Antonio Brown is officially a member of the Tampa Bay Buccaneers. NFL.com’s Ian Rapoport reports (via Twitter) that the two sides have finalized a one-year contract. NFL Network’s Mike Garafolo tweets that the deal is worth slightly more than a minimum salary, although there are per-game roster bonuses, individual incentives, and team incentives.
Besides Brown’s continued antics over the past year-plus, it’s not overly surprising that he had to settle for this kind of incentive-laden deal. Bruce Arians had previously dealt with Brown when he was the wide receivers coach in Pittsburgh, and the Buccaneers head coach had consistently stated that the Bucs wouldn’t be signing the wideout. Perhaps the low-risk contract has partly swayed Arians’ opinion.
One individual who was clamoring for Brown was Tom Brady. The quarterback is signed through the 2021 season, so if the wide receiver is a productive member of the offense, there’s a chance he could stick around beyond the 2020 campaign.
Here’s some more news and notes pertaining to the AB signing:
- ESPN’s Jenna Laine writes that Brown’s signing is all about maximizing Brady’s window. While Arians may have previously been against adding the wideout, Laine believes Tampa Bay’s continued offensive injuries (a list that includes Mike Evans, Chris Godwin, Scott Miller, and O.J. Howard) may have changed his mind. Plus, Laine writes that the “feeling inside the organization” is that Arians has a strong personality that can keep Brown in line, and there’s also Brady’s positive influence. The writer also points out that Brown was teammates with three members of the coaching staff: offensive coordinator Byron Leftwich, offensive assistant Antwaan Randle El, and outside linebackers coach Larry Foote.
- Sheil Kapadia of The Athletic wonders why the Buccaneers are taking the unnecessary risk of signing Brown. Tampa Bay is leading the NFC in point differential, and while that has mostly been thanks to the defense, the offense has been plenty competent. Brown’s talent means he could naturally provide the passing game with a significant boost, but Kapadia thinks it’s more likely that “he’ll be a problem.”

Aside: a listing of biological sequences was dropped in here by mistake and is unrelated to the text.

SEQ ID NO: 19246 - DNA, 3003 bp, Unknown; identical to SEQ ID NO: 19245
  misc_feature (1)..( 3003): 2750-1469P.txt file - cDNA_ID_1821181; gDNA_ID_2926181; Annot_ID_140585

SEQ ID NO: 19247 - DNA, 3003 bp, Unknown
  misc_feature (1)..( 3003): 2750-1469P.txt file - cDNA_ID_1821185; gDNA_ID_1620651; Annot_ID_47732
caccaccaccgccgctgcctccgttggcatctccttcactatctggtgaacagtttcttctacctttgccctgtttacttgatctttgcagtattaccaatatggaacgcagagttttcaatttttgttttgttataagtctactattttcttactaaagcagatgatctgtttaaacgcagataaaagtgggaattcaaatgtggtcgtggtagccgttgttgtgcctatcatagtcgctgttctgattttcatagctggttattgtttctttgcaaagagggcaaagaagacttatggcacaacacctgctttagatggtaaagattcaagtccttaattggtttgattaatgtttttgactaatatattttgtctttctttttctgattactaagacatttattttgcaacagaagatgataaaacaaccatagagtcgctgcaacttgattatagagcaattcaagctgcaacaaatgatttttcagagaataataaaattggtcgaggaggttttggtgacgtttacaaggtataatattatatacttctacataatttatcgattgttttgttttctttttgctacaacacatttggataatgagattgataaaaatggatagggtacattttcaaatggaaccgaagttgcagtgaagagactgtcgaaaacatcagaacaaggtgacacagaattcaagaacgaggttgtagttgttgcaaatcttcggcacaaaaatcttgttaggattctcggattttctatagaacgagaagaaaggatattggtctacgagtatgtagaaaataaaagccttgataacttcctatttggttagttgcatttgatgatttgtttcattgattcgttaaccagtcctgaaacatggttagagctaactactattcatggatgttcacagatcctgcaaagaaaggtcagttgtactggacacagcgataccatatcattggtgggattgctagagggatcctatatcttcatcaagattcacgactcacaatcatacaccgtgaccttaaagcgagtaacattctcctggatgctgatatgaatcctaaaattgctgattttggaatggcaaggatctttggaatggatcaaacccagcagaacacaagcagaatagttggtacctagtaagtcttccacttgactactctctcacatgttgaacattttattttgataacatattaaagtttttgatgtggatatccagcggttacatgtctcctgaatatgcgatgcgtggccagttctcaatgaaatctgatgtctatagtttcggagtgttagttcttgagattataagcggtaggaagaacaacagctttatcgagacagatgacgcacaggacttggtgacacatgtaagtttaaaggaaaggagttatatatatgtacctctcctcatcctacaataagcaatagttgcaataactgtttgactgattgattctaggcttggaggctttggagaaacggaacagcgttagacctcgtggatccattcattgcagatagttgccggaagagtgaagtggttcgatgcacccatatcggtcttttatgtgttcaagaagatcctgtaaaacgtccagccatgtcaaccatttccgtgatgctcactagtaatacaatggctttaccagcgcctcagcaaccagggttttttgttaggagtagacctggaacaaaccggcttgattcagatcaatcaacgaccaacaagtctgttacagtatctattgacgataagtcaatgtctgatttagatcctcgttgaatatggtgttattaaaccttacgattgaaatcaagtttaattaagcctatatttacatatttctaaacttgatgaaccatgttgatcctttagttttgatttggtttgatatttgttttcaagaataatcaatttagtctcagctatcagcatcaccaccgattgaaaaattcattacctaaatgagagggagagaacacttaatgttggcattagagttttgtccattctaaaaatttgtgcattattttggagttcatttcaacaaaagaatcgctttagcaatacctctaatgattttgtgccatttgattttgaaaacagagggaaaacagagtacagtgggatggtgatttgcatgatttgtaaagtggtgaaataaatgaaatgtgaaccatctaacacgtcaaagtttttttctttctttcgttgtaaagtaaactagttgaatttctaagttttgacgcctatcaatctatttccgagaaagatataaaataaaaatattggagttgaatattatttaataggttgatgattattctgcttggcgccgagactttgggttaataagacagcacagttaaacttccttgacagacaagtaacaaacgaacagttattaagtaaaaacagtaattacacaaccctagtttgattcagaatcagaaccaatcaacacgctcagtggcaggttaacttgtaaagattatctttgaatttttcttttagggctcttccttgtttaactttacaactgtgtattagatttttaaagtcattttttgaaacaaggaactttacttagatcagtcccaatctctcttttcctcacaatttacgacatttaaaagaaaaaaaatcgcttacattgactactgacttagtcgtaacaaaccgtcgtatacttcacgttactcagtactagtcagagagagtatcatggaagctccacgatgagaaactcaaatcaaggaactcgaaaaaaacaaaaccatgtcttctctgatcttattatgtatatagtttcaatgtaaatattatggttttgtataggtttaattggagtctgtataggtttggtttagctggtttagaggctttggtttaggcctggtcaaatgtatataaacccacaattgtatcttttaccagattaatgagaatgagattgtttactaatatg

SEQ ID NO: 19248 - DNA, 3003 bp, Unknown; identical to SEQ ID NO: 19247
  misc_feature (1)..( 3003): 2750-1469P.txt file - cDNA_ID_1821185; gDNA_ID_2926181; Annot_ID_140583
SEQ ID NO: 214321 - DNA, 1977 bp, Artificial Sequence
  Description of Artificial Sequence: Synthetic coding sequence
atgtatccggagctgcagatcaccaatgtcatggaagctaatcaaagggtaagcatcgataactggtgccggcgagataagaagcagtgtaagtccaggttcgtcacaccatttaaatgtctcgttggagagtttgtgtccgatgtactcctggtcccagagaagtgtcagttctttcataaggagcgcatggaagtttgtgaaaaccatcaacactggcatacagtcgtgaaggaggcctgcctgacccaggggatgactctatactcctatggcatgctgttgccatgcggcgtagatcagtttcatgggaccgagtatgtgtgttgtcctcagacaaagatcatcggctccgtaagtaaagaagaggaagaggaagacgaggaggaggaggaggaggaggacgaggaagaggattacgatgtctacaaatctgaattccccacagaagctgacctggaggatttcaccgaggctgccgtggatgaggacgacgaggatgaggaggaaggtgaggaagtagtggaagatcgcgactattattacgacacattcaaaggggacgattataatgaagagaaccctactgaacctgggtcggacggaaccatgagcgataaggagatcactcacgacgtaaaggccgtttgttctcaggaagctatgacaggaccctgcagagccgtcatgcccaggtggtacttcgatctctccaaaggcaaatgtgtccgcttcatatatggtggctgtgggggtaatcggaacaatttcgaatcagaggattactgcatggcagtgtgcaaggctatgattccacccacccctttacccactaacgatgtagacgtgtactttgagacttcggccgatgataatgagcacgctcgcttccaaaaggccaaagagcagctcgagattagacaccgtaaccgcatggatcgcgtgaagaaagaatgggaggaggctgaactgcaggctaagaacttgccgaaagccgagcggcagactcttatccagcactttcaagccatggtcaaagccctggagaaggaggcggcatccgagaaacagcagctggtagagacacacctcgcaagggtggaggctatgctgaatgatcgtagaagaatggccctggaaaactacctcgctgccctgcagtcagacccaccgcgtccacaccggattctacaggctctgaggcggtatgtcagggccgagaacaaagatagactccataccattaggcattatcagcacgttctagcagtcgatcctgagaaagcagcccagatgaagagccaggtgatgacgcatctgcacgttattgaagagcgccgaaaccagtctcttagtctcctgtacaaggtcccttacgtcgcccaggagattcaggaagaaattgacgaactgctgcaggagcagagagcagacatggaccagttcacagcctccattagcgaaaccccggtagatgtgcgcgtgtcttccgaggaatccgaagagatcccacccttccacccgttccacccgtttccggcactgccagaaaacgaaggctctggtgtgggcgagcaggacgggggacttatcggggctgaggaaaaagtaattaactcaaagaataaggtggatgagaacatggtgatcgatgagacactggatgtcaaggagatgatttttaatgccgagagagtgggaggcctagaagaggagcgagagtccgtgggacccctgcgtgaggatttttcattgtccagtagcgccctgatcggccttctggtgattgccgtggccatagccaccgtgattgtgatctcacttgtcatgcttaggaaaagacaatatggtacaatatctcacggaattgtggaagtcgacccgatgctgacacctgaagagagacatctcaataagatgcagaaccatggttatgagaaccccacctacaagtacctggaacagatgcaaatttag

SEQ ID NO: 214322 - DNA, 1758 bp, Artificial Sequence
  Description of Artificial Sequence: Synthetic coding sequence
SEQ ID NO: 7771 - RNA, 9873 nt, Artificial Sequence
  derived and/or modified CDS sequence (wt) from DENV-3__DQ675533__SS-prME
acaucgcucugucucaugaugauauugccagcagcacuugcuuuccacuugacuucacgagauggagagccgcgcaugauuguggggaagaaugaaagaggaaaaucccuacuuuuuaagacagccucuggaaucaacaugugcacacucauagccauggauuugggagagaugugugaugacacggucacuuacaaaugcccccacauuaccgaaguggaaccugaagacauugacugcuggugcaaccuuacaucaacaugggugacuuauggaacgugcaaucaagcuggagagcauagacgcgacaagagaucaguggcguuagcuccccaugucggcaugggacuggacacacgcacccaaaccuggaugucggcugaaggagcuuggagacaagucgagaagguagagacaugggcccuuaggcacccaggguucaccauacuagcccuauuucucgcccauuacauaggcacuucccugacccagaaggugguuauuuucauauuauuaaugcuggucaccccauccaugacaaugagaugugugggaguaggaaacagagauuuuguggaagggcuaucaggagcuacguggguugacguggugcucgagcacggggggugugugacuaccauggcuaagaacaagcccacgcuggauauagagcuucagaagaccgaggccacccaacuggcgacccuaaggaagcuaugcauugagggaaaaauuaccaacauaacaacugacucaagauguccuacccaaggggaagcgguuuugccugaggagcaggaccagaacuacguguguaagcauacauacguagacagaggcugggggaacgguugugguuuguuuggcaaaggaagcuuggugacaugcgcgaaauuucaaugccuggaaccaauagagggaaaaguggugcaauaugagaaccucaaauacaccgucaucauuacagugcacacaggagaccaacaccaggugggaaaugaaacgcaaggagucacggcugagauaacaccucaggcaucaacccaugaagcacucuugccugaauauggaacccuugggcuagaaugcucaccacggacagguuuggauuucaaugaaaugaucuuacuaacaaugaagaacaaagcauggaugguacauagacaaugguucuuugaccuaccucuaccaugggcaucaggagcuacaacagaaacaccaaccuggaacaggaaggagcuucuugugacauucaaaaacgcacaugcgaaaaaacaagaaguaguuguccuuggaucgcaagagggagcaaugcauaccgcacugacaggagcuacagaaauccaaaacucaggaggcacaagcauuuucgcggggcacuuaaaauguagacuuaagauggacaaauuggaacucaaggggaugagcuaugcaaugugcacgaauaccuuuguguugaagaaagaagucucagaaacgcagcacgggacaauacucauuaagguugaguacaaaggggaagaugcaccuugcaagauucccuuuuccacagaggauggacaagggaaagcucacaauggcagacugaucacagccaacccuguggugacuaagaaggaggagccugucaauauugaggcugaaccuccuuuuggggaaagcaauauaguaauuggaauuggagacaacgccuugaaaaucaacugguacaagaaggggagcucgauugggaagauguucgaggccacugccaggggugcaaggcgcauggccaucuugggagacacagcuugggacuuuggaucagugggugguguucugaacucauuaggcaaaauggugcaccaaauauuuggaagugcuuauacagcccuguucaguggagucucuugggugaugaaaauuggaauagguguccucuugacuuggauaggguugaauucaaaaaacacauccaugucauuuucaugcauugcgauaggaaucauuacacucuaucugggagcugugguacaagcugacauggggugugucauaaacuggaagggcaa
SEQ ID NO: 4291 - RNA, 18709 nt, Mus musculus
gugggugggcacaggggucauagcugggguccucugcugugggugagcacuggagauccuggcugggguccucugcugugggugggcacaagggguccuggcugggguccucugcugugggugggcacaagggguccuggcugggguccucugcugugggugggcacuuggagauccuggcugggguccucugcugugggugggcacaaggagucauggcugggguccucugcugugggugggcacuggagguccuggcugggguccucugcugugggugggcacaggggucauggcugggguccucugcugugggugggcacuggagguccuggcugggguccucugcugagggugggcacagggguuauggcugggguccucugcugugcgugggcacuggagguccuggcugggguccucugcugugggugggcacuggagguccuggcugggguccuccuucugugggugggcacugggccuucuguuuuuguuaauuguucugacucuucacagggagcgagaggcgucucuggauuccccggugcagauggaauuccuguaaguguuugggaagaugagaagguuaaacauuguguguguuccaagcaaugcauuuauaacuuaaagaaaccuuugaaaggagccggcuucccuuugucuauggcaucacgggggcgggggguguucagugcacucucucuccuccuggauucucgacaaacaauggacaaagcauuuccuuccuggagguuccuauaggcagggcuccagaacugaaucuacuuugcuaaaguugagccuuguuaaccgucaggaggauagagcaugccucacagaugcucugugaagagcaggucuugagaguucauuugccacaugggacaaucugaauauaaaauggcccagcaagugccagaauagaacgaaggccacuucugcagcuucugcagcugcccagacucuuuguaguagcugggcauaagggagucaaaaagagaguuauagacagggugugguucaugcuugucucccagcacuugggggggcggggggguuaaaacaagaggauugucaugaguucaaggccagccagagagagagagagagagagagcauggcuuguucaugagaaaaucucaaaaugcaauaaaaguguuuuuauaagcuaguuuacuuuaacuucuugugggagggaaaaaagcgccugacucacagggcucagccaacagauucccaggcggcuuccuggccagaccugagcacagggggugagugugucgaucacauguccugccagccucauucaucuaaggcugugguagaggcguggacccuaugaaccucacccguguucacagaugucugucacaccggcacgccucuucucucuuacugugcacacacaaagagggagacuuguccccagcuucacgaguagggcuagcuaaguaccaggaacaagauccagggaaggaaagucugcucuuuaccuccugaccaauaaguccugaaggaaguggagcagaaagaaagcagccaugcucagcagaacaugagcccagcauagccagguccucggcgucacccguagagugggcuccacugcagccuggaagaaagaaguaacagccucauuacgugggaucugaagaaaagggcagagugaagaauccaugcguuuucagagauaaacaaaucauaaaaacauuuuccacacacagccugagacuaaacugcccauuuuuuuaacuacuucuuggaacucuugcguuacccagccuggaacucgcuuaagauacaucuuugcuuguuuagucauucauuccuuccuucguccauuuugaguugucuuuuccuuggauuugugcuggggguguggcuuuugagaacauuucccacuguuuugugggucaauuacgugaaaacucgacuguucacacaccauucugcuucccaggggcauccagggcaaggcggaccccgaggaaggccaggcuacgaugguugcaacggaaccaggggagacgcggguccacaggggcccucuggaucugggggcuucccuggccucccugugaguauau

- Here’s a fun one for fans of conspiracies. Following public reports of the Seahawks interest in Brown, Mike Florio of ProFootballTalk.com wonders why Seattle let that information leak in the first place. One argument could be made that the Seahawks “recklessly invited a competitor to swoop in” and sign the wideout, while another argument could be made that the Seahawks deliberately leaked the news. Why would they do that? Florio writes that the Seahawks may have been doing the modern-day version of the Trojan Horse, hoping that Brown’s signing would derail his suitor’s season. In another piece, Florio notes that those “within league circles” wonder if Pete Carroll “repeatedly confirmed interest in Brown in the hopes that someone else would sign” the receiver.
- Greg Auman of The Athletic explores the 22-month span that saw Brown going from a star wideout with the Steelers to a low-salary, midseason signing with the Buccaneers. The story starts in December of 2018, when Brown was benched for Pittsburgh’s season finale and subsequently missed his exit meeting with Mike Tomlin.